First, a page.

The opinion of the court was delivered by: VICTOR BIANCHINI, Magistrate Judge
Petitioner, Sam Parsons ("Parsons"), represented by counsel,
filed this petition for a writ of habeas corpus pursuant to
28 U.S.C. § 2254 challenging his conviction in New York State
Supreme Court (Monroe County) on April 21, 1998. The parties have
consented to disposition of this matter by the undersigned
pursuant to 28 U.S.C. § 636(b).
Parsons was indicted by a Monroe County Grand Jury on one count
of criminal sale of a controlled substance in the first degree;
one count of criminal possession of a controlled substance in the
first degree; one count of criminal possession of a controlled
substance in the third degree; and one count conspiracy in the
second degree. The issue presented by the instant habeas petition
is whether the trial court's charge regarding the element of
"knowing possession" created a mandatory presumption, thereby
unconstitutionally shifting the burden of persuasion from the
state to the defendant on that element of the crime of criminal
possession of a controlled substance. At Parsons's trial, one of
the key issues for resolution by the jury was whether petitioner "knowingly possessed" the seized cocaine.
Trial counsel defended on the theory that Parsons, a person of
limited intelligence, essentially was acting as the drug dealer's
"mule" and was not aware of the contents of the package later
discovered to contain cocaine.
A. Transcripts of Wire-tapped Phone Calls
For about eight months, the Rochester Police Department
conducted telephone and visual surveillance on suspected drug
dealer Robert Gray ("Gray") and his associate Steven "Shorty"
Maldonado ("Shorty"). On December 5, 1996, the police obtained
information from a wiretapped conversation between Gray and
Shorty and that a drug transaction was scheduled to occur the
following day. On December 6, 1996, at 9:04 a.m., Gray called
Shorty and said that he was going to "send Sam in a couple of
minutes." Gray asked Shorty to "open up" one of his "girls"
(bricks of cocaine) and "make" him "two two dollars and fifty
cents and ah [sic] half a dollar" (divide up the cocaine into
smaller parcels). Gray said that he was "gonna send [his] boy"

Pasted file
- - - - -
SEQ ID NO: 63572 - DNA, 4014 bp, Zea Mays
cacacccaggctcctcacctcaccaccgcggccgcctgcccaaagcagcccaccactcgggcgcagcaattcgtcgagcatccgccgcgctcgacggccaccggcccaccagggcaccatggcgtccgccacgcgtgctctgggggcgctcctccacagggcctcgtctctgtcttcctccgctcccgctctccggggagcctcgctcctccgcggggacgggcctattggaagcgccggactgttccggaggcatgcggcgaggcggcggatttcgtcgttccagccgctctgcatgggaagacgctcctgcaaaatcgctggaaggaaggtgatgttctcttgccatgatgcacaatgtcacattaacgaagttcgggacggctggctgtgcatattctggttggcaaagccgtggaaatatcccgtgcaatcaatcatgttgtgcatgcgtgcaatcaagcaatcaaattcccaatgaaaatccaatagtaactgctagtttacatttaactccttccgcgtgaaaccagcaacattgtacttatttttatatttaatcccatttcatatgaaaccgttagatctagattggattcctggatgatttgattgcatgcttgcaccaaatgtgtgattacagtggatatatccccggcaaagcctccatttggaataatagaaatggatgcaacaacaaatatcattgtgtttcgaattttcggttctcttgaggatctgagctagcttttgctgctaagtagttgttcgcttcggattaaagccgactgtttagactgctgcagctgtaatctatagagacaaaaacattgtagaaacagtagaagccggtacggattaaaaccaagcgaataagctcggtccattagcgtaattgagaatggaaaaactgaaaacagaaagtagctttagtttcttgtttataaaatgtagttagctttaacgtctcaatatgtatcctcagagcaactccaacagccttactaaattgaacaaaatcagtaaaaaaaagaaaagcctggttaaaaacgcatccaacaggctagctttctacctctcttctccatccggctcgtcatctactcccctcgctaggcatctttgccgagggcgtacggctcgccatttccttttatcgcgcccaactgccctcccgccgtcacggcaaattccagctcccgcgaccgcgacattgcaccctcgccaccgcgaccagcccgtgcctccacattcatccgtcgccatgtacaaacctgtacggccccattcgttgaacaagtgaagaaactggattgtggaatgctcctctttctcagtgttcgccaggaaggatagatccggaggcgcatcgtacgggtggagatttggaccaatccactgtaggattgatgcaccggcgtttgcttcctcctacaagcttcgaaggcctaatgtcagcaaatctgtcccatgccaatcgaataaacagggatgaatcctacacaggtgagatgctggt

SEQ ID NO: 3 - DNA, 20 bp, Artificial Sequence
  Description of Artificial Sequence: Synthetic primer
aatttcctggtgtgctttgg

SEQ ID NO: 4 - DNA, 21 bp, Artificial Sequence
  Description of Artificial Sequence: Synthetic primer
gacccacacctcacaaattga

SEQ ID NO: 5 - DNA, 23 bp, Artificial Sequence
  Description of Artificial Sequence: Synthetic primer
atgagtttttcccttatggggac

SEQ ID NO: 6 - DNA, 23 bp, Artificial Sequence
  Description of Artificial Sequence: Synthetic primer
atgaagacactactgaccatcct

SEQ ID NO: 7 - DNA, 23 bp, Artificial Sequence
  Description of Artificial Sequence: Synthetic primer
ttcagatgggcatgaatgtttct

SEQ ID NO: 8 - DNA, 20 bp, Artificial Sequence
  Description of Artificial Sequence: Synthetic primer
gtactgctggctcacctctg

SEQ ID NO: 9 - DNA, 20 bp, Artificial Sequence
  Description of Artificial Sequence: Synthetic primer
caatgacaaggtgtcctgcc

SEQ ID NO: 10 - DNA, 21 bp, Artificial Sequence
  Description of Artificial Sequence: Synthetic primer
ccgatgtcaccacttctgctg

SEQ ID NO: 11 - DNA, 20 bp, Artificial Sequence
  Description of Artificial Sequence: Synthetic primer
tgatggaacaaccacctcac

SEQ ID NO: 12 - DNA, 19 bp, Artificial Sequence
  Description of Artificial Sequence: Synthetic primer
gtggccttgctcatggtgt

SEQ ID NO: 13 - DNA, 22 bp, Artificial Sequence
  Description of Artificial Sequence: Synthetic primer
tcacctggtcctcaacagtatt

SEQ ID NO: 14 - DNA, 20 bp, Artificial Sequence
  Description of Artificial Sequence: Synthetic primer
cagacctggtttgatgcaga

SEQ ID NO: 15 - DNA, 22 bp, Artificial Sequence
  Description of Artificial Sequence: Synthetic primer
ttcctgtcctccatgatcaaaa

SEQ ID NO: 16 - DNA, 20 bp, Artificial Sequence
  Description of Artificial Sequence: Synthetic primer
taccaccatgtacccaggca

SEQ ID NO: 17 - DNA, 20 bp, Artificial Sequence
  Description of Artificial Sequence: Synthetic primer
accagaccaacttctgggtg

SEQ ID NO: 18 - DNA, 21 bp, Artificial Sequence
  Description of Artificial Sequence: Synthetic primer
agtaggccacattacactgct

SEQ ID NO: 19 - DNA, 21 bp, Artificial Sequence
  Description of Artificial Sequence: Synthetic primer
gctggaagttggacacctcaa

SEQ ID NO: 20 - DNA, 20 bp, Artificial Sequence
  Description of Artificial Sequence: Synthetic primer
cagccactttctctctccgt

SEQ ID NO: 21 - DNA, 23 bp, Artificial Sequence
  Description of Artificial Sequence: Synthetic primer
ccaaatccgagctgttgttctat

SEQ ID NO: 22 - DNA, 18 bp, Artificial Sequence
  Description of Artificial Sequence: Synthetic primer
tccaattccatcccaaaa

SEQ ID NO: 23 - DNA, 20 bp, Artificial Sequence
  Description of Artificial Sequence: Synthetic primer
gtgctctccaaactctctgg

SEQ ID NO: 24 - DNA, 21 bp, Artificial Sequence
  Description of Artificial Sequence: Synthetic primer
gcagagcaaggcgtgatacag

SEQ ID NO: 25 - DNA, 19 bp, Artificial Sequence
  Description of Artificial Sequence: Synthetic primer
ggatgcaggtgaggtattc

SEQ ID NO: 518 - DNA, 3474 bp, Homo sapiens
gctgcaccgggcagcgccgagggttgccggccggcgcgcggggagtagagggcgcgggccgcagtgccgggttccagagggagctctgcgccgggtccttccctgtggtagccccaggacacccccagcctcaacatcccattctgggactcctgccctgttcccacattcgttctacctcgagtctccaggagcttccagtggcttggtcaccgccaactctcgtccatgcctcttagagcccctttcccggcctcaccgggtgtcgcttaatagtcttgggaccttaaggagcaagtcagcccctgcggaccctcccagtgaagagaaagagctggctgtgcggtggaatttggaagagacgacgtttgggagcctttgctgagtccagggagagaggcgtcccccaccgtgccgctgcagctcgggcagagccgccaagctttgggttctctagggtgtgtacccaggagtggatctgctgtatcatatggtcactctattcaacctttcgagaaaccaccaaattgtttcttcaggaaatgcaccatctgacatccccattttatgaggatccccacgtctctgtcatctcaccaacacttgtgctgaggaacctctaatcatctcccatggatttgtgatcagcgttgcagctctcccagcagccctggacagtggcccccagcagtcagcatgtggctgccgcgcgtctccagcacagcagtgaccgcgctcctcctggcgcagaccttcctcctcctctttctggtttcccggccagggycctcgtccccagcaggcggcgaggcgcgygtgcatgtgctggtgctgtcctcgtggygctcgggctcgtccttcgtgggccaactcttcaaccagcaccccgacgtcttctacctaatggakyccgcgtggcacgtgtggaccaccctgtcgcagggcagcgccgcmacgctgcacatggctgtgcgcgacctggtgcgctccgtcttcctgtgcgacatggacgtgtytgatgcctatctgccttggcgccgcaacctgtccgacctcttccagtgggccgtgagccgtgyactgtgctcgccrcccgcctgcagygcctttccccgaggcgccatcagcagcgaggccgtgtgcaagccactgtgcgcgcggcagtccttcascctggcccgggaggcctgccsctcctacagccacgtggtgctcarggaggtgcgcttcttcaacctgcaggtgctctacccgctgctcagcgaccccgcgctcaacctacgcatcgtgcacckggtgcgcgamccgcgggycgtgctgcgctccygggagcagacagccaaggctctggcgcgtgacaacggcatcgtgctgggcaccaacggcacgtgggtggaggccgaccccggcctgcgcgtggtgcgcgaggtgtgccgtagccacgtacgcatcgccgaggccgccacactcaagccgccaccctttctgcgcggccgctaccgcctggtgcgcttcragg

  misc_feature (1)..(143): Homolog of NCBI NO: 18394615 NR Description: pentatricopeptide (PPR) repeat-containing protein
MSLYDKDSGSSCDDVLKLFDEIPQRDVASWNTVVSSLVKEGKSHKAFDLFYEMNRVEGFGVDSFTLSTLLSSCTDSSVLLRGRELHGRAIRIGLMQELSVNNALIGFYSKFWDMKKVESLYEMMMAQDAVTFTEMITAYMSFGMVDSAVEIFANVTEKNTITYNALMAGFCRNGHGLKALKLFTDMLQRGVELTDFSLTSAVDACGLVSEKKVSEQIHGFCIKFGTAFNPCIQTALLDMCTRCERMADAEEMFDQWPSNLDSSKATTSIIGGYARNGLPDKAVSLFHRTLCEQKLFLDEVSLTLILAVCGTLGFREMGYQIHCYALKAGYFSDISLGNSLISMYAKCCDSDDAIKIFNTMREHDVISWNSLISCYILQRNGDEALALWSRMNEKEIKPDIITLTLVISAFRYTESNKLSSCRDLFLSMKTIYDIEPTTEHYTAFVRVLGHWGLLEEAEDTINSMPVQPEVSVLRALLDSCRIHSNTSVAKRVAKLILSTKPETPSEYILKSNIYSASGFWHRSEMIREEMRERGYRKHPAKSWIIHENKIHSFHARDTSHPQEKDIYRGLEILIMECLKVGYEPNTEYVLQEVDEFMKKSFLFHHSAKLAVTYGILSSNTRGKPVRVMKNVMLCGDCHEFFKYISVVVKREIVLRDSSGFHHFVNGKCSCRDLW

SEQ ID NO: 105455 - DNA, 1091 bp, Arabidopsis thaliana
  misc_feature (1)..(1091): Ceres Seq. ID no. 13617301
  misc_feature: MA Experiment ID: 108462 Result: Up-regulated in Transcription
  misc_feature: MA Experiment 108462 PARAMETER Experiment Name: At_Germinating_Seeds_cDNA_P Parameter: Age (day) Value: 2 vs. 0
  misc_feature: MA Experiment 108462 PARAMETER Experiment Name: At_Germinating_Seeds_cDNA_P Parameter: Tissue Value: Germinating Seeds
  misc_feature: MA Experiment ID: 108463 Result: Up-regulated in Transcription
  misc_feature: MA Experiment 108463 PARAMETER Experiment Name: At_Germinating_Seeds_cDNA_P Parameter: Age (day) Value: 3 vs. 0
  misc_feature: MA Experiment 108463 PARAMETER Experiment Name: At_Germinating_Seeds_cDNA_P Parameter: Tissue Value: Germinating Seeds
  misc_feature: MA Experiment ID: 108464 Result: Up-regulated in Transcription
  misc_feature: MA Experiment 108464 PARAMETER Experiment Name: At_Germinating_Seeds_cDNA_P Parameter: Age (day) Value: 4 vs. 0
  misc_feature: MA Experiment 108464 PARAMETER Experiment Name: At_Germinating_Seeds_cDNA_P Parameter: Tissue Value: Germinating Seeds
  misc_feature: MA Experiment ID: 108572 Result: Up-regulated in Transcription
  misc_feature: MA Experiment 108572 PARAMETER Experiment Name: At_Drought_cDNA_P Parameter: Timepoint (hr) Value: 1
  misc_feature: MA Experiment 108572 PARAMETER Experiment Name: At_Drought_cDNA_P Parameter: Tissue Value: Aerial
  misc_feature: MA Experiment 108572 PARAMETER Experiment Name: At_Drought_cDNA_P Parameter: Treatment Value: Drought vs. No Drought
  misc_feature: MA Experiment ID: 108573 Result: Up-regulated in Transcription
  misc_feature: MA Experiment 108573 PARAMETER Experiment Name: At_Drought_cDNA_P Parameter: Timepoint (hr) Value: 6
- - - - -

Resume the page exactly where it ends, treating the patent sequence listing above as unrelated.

over to Shorty's residence at 434 First Street. Gray told Shorty
that he would bring "the change" with him and asked Shorty to
page him "so [he] can tell [his] man to meet [him] right quick."
Gray called Shorty again at 10:34 a.m. Shorty informed Gray
that he was waiting for Gray at "4-3-4" (i.e., 434 First
Street). Gray indicated that he was "waiting on" Sam because Sam
had his car and had to give him a ride. Gray told Shorty that
they would be there "in a minute."
At 10:41 a.m., Gray called Shorty again. The following exchange
Robert Gray ("RG"): Sam, coming right now.
Shorty Maldonado ("SH"): Yeah, he just got here.
RG: Okay, I'm on my way so what I'm doing, fitting
[sic] to meet the dude [the buyer, Calvin Jessie]
at that number and send him, send down to ride back
with Sam soon as he come [sic]. SH: What you [sic] gonna do?
RG: Send the money right back with Sam.
SH: And, eh, what Sam, Sam came to get what?
SH: All of this.
RG: And then I'm ma [sic] send the, the what I owe
you I'm ma [sic] send that with him right now.
. . .
RG: So, how many you giving Sam right now?
SH: Uh, the cracked [i.e., the kilo of cocaine Gray
had asked him to open up] and two [intact kilos].
. . .
SH: You gonna come though?
RG: Yeah, I'm coming, I was waiting on this guy, I'm
waiting on him now, after waiting on Sam.
There was a phone call between Gray and Jessie (no time given
in the police log) on December 6 in which Gray told Jessie, "As
soon I [sic] page you just come right over there on . . . B
[i.e., Bernard] Street, you know how I used to do that with my
lawyer . . . Sambo." Gray called Jessie again (no time given) and
said, "I'm on Bernard." The transcripts of the foregoing calls
were part of the prosecution's discovery, and were included as
part of the papers in respondent's appendix of exhibits submitted
in connection with the habeas petition. Apparently, however,
there was another phone call at about 9:00 a.m. on December 6
between Gray and Parsons, the transcript of which was introduced
at trial. In that phone call, Gray directed Parsons to take his
car for an oil change that morning. The prosecution conceded that
Parsons's name was not mentioned in any of the overt "drug talk"
recorded in the phone conversations.
1. Calvin Jessie: The Buyer Jessie testified that on December 5, he arranged with Gray to
purchase some cocaine on December 6. On the morning of December
6, Jessie went to Bernard Street, parked in front of a blue
house, and got into a car with Gray and Parsons. Parsons was on
the driver's side. Jessie told Gray that he "wanted the coke,"
and Gray told Sam to go into the back and pick it up. Parsons
went around the back of the house and returned with a brown bag.
Jessie looked inside and saw a half kilo of cocaine. Jessie said